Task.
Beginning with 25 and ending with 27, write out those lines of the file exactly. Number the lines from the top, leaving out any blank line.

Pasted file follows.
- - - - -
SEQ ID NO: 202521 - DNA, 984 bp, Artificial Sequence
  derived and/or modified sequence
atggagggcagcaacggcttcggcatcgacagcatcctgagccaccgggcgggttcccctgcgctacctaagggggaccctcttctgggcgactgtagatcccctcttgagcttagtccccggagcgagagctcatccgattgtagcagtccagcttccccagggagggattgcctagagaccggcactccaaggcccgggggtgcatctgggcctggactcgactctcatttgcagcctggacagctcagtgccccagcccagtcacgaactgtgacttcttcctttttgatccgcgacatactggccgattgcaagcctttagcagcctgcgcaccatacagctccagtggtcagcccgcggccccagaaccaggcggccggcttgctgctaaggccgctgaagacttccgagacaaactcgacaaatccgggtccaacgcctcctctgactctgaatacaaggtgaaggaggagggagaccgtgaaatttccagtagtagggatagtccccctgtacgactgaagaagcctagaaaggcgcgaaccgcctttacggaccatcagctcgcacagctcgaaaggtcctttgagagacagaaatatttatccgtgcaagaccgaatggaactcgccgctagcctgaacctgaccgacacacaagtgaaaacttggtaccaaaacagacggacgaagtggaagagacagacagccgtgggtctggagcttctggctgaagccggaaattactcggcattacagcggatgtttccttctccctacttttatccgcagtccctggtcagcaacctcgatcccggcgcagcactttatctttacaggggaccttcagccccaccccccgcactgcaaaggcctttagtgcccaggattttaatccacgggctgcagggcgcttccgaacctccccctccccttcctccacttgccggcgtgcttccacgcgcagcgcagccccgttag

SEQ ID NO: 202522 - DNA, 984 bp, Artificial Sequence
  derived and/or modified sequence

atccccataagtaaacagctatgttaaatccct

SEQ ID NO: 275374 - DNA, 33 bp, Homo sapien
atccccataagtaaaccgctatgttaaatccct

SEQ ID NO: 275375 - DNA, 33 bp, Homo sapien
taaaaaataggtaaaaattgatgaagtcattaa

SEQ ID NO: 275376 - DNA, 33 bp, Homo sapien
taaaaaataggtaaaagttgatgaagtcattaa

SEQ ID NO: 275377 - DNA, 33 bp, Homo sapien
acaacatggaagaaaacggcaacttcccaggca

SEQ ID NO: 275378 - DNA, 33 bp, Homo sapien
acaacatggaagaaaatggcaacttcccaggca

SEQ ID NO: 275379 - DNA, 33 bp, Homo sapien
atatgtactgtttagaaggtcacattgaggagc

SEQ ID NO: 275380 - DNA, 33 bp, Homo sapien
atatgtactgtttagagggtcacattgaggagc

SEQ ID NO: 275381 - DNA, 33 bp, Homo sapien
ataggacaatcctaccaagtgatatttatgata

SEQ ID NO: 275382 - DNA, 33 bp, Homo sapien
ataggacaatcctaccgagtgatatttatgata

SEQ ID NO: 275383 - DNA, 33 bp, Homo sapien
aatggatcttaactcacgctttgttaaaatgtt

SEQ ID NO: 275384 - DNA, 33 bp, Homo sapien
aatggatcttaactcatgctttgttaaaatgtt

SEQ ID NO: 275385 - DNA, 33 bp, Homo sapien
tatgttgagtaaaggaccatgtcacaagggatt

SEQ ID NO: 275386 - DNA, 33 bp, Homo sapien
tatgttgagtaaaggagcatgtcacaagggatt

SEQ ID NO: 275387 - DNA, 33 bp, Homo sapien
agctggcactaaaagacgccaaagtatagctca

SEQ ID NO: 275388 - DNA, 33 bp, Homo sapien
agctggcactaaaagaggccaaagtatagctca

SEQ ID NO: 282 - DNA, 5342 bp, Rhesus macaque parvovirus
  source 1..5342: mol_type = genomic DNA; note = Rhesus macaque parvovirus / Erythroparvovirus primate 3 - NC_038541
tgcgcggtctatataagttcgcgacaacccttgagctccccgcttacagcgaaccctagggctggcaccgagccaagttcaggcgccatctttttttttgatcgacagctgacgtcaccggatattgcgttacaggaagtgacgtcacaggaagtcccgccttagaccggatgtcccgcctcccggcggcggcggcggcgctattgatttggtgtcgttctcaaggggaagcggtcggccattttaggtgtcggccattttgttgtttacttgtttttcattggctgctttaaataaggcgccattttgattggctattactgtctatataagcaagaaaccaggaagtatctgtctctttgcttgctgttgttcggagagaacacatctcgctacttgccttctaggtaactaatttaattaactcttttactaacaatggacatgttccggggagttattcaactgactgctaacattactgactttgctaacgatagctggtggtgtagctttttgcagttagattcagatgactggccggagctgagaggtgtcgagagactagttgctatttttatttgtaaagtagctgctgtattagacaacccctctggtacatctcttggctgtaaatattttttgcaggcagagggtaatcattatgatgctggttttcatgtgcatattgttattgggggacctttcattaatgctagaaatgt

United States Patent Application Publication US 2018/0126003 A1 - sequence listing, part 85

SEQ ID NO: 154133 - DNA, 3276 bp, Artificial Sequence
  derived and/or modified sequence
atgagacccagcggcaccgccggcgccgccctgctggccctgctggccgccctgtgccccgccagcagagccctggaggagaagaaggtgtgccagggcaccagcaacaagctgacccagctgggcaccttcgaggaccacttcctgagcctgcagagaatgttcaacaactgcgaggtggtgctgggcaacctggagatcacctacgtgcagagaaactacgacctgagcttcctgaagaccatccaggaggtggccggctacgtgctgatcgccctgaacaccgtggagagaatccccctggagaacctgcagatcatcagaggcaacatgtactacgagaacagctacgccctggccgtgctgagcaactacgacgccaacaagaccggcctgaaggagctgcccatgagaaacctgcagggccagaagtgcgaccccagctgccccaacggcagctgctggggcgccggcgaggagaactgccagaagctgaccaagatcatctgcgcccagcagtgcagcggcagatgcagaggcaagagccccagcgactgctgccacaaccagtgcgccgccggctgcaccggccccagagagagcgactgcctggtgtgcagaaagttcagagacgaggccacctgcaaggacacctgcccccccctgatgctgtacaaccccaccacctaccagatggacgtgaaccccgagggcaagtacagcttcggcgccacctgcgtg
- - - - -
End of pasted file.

SEQ ID NO: 275383 - DNA, 33 bp, Homo sapien
aatggatcttaactcacgctttgttaaaatgtt

SEQ ID NO: 275384 - DNA, 33 bp, Homo sapien